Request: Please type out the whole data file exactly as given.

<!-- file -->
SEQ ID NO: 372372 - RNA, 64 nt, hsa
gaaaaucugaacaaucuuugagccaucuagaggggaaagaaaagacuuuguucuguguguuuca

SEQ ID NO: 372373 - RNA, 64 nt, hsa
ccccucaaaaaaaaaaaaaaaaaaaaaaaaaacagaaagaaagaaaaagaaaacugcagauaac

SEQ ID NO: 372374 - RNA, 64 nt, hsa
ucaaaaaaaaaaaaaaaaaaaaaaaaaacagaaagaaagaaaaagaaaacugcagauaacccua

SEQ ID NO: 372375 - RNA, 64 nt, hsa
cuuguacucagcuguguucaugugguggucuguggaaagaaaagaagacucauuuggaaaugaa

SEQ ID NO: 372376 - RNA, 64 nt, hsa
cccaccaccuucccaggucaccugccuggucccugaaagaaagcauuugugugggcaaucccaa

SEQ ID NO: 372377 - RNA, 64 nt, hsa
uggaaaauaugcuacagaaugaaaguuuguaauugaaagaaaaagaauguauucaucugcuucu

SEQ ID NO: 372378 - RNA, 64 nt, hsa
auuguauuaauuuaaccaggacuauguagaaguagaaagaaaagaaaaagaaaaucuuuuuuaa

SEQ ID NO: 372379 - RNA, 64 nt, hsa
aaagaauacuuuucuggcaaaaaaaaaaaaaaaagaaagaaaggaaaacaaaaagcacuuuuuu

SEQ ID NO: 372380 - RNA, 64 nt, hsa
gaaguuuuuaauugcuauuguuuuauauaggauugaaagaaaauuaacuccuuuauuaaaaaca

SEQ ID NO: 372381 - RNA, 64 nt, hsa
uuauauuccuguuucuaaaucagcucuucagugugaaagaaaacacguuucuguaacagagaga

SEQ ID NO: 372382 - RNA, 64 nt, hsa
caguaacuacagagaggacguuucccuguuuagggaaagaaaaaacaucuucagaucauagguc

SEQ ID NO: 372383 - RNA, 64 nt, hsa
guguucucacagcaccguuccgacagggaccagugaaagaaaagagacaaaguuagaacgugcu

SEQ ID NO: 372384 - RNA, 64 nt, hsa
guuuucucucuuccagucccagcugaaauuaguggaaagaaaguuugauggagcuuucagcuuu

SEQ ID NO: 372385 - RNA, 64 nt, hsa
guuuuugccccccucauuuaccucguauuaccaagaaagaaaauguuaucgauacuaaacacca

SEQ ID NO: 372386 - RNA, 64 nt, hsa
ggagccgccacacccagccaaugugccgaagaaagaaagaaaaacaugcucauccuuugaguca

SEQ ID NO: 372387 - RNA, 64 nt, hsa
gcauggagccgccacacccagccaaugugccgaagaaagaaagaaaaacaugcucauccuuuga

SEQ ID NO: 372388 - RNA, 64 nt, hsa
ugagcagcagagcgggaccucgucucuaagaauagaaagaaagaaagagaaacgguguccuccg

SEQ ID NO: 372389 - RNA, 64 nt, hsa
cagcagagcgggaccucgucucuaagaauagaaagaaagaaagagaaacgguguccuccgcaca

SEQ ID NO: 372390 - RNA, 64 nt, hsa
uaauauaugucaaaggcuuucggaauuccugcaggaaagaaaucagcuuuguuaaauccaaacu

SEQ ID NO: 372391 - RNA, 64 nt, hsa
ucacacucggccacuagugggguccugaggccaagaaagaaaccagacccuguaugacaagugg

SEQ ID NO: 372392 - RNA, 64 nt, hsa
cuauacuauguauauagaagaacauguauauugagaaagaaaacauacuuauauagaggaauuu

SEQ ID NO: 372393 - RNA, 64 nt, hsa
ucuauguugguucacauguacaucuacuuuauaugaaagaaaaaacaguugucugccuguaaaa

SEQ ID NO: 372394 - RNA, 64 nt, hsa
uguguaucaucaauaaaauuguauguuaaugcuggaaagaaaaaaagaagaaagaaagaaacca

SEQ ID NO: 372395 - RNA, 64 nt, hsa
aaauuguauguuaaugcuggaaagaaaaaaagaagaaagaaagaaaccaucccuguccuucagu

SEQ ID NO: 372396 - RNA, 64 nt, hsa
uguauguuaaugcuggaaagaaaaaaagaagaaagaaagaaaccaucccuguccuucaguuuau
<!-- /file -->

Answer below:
SEQ ID NO: 372372 - RNA, 64 nt, hsa
gaaaaucugaacaaucuuugagccaucuagaggggaaagaaaagacuuuguucuguguguuuca

SEQ ID NO: 372373 - RNA, 64 nt, hsa
ccccucaaaaaaaaaaaaaaaaaaaaaaaaaacagaaagaaagaaaaagaaaacugcagauaac

SEQ ID NO: 372374 - RNA, 64 nt, hsa
ucaaaaaaaaaaaaaaaaaaaaaaaaaacagaaagaaagaaaaagaaaacugcagauaacccua

SEQ ID NO: 372375 - RNA, 64 nt, hsa
cuuguacucagcuguguucaugugguggucuguggaaagaaaagaagacucauuuggaaaugaa

SEQ ID NO: 372376 - RNA, 64 nt, hsa
cccaccaccuucccaggucaccugccuggucccugaaagaaagcauuugugugggcaaucccaa

SEQ ID NO: 372377 - RNA, 64 nt, hsa
uggaaaauaugcuacagaaugaaaguuuguaauugaaagaaaaagaauguauucaucugcuucu

SEQ ID NO: 372378 - RNA, 64 nt, hsa
auuguauuaauuuaaccaggacuauguagaaguagaaagaaaagaaaaagaaaaucuuuuuuaa

SEQ ID NO: 372379 - RNA, 64 nt, hsa
aaagaauacuuuucuggcaaaaaaaaaaaaaaaagaaagaaaggaaaacaaaaagcacuuuuuu

SEQ ID NO: 372380 - RNA, 64 nt, hsa
gaaguuuuuaauugcuauuguuuuauauaggauugaaagaaaauuaacuccuuuauuaaaaaca

SEQ ID NO: 372381 - RNA, 64 nt, hsa
uuauauuccuguuucuaaaucagcucuucagugugaaagaaaacacguuucuguaacagagaga

SEQ ID NO: 372382 - RNA, 64 nt, hsa
caguaacuacagagaggacguuucccuguuuagggaaagaaaaaacaucuucagaucauagguc

SEQ ID NO: 372383 - RNA, 64 nt, hsa
guguucucacagcaccguuccgacagggaccagugaaagaaaagagacaaaguuagaacgugcu

SEQ ID NO: 372384 - RNA, 64 nt, hsa
guuuucucucuuccagucccagcugaaauuaguggaaagaaaguuugauggagcuuucagcuuu

SEQ ID NO: 372385 - RNA, 64 nt, hsa
guuuuugccccccucauuuaccucguauuaccaagaaagaaaauguuaucgauacuaaacacca

SEQ ID NO: 372386 - RNA, 64 nt, hsa
ggagccgccacacccagccaaugugccgaagaaagaaagaaaaacaugcucauccuuugaguca

SEQ ID NO: 372387 - RNA, 64 nt, hsa
gcauggagccgccacacccagccaaugugccgaagaaagaaagaaaaacaugcucauccuuuga

SEQ ID NO: 372388 - RNA, 64 nt, hsa
ugagcagcagagcgggaccucgucucuaagaauagaaagaaagaaagagaaacgguguccuccg

SEQ ID NO: 372389 - RNA, 64 nt, hsa
cagcagagcgggaccucgucucuaagaauagaaagaaagaaagagaaacgguguccuccgcaca

SEQ ID NO: 372390 - RNA, 64 nt, hsa
uaauauaugucaaaggcuuucggaauuccugcaggaaagaaaucagcuuuguuaaauccaaacu

SEQ ID NO: 372391 - RNA, 64 nt, hsa
ucacacucggccacuagugggguccugaggccaagaaagaaaccagacccuguaugacaagugg

SEQ ID NO: 372392 - RNA, 64 nt, hsa
cuauacuauguauauagaagaacauguauauugagaaagaaaacauacuuauauagaggaauuu

SEQ ID NO: 372393 - RNA, 64 nt, hsa
ucuauguugguucacauguacaucuacuuuauaugaaagaaaaaacaguugucugccuguaaaa

SEQ ID NO: 372394 - RNA, 64 nt, hsa
uguguaucaucaauaaaauuguauguuaaugcuggaaagaaaaaaagaagaaagaaagaaacca

SEQ ID NO: 372395 - RNA, 64 nt, hsa
aaauuguauguuaaugcuggaaagaaaaaaagaagaaagaaagaaaccaucccuguccuucagu

SEQ ID NO: 372396 - RNA, 64 nt, hsa
uguauguuaaugcuggaaagaaaaaaagaagaaagaaagaaaccaucccuguccuucaguuuau